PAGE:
From the St. Petersburg Times:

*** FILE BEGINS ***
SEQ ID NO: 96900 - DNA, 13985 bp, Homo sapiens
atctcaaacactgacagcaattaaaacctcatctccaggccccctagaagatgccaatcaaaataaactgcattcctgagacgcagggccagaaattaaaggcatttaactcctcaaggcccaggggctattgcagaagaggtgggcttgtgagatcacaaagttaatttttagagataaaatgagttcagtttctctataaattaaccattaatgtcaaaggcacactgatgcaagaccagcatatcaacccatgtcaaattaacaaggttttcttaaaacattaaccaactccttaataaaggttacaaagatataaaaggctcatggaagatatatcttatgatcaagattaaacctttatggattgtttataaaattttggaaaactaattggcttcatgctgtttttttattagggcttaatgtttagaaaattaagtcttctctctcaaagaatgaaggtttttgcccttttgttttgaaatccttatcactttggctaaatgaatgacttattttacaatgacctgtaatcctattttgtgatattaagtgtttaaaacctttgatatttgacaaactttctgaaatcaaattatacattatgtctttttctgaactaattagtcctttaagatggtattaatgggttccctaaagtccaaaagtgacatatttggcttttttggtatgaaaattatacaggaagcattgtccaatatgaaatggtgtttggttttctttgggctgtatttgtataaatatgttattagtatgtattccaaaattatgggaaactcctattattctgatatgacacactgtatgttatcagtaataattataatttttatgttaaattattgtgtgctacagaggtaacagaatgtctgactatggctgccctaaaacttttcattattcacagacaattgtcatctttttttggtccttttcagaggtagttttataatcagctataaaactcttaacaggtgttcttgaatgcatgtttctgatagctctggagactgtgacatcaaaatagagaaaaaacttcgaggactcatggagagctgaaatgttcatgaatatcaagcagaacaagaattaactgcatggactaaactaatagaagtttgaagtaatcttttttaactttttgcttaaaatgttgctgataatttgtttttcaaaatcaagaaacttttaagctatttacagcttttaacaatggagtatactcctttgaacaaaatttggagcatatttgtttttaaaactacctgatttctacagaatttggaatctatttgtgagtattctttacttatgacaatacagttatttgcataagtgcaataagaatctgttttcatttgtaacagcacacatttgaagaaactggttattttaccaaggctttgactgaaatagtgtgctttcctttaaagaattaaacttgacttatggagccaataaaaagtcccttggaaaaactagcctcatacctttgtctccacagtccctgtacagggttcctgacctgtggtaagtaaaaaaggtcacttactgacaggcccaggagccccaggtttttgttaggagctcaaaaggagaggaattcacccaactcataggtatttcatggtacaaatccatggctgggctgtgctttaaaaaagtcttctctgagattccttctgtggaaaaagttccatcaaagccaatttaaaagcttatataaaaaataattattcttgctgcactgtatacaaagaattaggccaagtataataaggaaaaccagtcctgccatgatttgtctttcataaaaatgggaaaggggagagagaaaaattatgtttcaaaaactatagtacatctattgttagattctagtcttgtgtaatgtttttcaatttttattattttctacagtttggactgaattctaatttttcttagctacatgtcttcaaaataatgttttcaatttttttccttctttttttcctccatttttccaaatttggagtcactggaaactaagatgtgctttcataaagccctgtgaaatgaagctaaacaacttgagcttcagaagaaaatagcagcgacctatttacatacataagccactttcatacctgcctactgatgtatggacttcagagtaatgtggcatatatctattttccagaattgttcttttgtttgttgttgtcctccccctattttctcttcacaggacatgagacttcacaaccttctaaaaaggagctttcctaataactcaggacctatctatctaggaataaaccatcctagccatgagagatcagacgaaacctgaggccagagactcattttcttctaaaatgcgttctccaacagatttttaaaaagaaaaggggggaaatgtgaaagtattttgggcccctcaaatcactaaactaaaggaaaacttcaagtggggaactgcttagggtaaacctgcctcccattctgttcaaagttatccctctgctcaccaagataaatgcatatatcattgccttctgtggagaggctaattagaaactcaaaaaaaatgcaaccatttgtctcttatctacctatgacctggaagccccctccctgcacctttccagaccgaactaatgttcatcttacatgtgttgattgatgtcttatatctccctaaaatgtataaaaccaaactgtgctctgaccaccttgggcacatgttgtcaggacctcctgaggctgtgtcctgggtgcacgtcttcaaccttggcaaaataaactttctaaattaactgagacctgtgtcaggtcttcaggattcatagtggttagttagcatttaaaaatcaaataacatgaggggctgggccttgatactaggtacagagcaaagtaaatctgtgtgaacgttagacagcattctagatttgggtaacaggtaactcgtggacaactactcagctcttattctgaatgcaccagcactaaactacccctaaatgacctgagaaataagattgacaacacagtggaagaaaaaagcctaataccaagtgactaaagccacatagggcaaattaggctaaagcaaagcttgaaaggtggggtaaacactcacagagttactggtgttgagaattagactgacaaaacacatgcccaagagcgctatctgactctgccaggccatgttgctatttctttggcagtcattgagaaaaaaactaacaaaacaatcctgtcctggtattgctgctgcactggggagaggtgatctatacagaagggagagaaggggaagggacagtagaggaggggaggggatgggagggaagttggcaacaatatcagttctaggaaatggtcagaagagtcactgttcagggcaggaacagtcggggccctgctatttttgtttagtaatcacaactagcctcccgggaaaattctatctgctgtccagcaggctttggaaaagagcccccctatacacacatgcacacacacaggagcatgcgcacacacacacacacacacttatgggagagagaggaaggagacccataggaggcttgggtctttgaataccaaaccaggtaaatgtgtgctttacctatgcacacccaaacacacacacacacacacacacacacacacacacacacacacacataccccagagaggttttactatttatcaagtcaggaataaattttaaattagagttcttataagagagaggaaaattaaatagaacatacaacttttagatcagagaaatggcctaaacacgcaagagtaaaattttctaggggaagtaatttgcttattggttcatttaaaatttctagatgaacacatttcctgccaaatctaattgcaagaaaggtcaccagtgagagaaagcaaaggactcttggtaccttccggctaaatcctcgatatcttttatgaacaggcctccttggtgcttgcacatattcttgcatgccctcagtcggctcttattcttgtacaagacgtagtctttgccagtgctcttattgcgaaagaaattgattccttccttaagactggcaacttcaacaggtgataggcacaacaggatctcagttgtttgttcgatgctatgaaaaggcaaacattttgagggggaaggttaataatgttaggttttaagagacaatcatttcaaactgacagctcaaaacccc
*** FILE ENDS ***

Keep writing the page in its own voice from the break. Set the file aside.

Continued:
When a Gazprom-led consortium begins laying the foundation for a major new pipeline to pump Russian gas under the Baltic Sea directly to Western Europe, it is likely to run into problems — thousands of them. The North European Gas Pipeline, or Nord Stream, is due to snake along the seabed over an area covered with hundreds of thousands of unexploded mines and munitions dating as far back as World War I. Officials and environmental groups in several of the countries that border the Baltic say construction of the 1,200-kilometer pipeline threatens to disturb the resting places of the deadly weapons, which include free-floating mines and decades-old canisters of mustard gas. “There are major questions that have not yet been fully addressed by the consortium,” Bjorn Skala, Sweden’s ambassador for small arms, said by telephone from Stockholm. “The proof [of environmental safety] is not yet there.” … Polish Defense Minister Radoslaw Sikorski last year likened the project to the secret pact made between the Soviet Union and Nazi Germany at the start of World War II to divide up Poland. The country had hoped that instead of choosing the Baltic route, Gazprom would expand the Yamal-Europe pipeline that currently runs across its territory. To push their dissatisfaction at being left out, Poland and the Baltic states may now try to beat Russia at its own game, analysts said. “These concerns over munitions are just politics,” said Lev Fyodorov, the head of the Union for Chemical Safety in Moscow. “There are no scientific or ecological questions here.” That argument is eerily reminiscent of the one that the West leveled at the Kremlin last year, when steadily building pressure by environmental authorities was widely taken as a means of pushing Royal Dutch Shell and its Japanese partners into selling a controlling stake in Sakhalin-2 to Gazprom.